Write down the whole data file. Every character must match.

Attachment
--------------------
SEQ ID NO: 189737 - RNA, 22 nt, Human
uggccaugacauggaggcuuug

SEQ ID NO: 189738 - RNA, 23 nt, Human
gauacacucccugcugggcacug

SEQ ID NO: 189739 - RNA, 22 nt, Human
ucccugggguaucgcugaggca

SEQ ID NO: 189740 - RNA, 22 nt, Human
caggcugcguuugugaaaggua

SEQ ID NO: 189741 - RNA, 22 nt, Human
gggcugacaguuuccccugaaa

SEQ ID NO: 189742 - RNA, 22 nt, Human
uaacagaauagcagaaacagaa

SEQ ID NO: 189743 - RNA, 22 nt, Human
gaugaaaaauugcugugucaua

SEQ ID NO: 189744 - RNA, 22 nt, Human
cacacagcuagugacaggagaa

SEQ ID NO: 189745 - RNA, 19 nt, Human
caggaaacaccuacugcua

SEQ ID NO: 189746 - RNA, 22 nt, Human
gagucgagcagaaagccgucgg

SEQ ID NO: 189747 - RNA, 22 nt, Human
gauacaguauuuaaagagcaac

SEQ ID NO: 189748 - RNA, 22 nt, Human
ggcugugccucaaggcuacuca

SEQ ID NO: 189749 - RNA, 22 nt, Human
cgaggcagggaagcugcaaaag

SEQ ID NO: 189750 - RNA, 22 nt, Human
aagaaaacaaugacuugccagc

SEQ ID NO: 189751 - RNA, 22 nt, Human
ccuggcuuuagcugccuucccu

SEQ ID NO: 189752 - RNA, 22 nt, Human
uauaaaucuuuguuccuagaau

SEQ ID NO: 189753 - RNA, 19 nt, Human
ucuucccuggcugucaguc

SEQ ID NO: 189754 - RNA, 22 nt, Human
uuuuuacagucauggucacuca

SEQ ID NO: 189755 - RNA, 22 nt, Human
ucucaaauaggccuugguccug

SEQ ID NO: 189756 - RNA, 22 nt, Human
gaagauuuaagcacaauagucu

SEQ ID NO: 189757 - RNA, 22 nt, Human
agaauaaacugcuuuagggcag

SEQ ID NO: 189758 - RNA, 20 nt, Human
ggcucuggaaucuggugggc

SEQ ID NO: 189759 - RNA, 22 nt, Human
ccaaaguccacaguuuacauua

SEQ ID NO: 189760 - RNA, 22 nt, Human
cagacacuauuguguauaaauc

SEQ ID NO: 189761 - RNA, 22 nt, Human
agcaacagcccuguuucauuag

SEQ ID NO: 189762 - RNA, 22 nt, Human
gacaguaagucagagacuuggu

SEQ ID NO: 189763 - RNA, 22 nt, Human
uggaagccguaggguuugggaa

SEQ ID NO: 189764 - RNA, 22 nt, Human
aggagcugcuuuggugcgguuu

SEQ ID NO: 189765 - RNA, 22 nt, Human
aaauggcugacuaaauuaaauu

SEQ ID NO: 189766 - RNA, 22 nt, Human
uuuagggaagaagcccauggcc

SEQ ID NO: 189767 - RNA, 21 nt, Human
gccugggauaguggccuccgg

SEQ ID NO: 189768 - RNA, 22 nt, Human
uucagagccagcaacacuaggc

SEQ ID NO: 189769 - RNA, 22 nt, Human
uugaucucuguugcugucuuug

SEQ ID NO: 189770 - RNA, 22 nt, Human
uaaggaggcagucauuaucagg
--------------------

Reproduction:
SEQ ID NO: 189737 - RNA, 22 nt, Human
uggccaugacauggaggcuuug

SEQ ID NO: 189738 - RNA, 23 nt, Human
gauacacucccugcugggcacug

SEQ ID NO: 189739 - RNA, 22 nt, Human
ucccugggguaucgcugaggca

SEQ ID NO: 189740 - RNA, 22 nt, Human
caggcugcguuugugaaaggua

SEQ ID NO: 189741 - RNA, 22 nt, Human
gggcugacaguuuccccugaaa

SEQ ID NO: 189742 - RNA, 22 nt, Human
uaacagaauagcagaaacagaa

SEQ ID NO: 189743 - RNA, 22 nt, Human
gaugaaaaauugcugugucaua

SEQ ID NO: 189744 - RNA, 22 nt, Human
cacacagcuagugacaggagaa

SEQ ID NO: 189745 - RNA, 19 nt, Human
caggaaacaccuacugcua

SEQ ID NO: 189746 - RNA, 22 nt, Human
gagucgagcagaaagccgucgg

SEQ ID NO: 189747 - RNA, 22 nt, Human
gauacaguauuuaaagagcaac

SEQ ID NO: 189748 - RNA, 22 nt, Human
ggcugugccucaaggcuacuca

SEQ ID NO: 189749 - RNA, 22 nt, Human
cgaggcagggaagcugcaaaag

SEQ ID NO: 189750 - RNA, 22 nt, Human
aagaaaacaaugacuugccagc

SEQ ID NO: 189751 - RNA, 22 nt, Human
ccuggcuuuagcugccuucccu

SEQ ID NO: 189752 - RNA, 22 nt, Human
uauaaaucuuuguuccuagaau

SEQ ID NO: 189753 - RNA, 19 nt, Human
ucuucccuggcugucaguc

SEQ ID NO: 189754 - RNA, 22 nt, Human
uuuuuacagucauggucacuca

SEQ ID NO: 189755 - RNA, 22 nt, Human
ucucaaauaggccuugguccug

SEQ ID NO: 189756 - RNA, 22 nt, Human
gaagauuuaagcacaauagucu

SEQ ID NO: 189757 - RNA, 22 nt, Human
agaauaaacugcuuuagggcag

SEQ ID NO: 189758 - RNA, 20 nt, Human
ggcucuggaaucuggugggc

SEQ ID NO: 189759 - RNA, 22 nt, Human
ccaaaguccacaguuuacauua

SEQ ID NO: 189760 - RNA, 22 nt, Human
cagacacuauuguguauaaauc

SEQ ID NO: 189761 - RNA, 22 nt, Human
agcaacagcccuguuucauuag

SEQ ID NO: 189762 - RNA, 22 nt, Human
gacaguaagucagagacuuggu

SEQ ID NO: 189763 - RNA, 22 nt, Human
uggaagccguaggguuugggaa

SEQ ID NO: 189764 - RNA, 22 nt, Human
aggagcugcuuuggugcgguuu

SEQ ID NO: 189765 - RNA, 22 nt, Human
aaauggcugacuaaauuaaauu

SEQ ID NO: 189766 - RNA, 22 nt, Human
uuuagggaagaagcccauggcc

SEQ ID NO: 189767 - RNA, 21 nt, Human
gccugggauaguggccuccgg

SEQ ID NO: 189768 - RNA, 22 nt, Human
uucagagccagcaacacuaggc

SEQ ID NO: 189769 - RNA, 22 nt, Human
uugaucucuguugcugucuuug

SEQ ID NO: 189770 - RNA, 22 nt, Human
uaaggaggcagucauuaucagg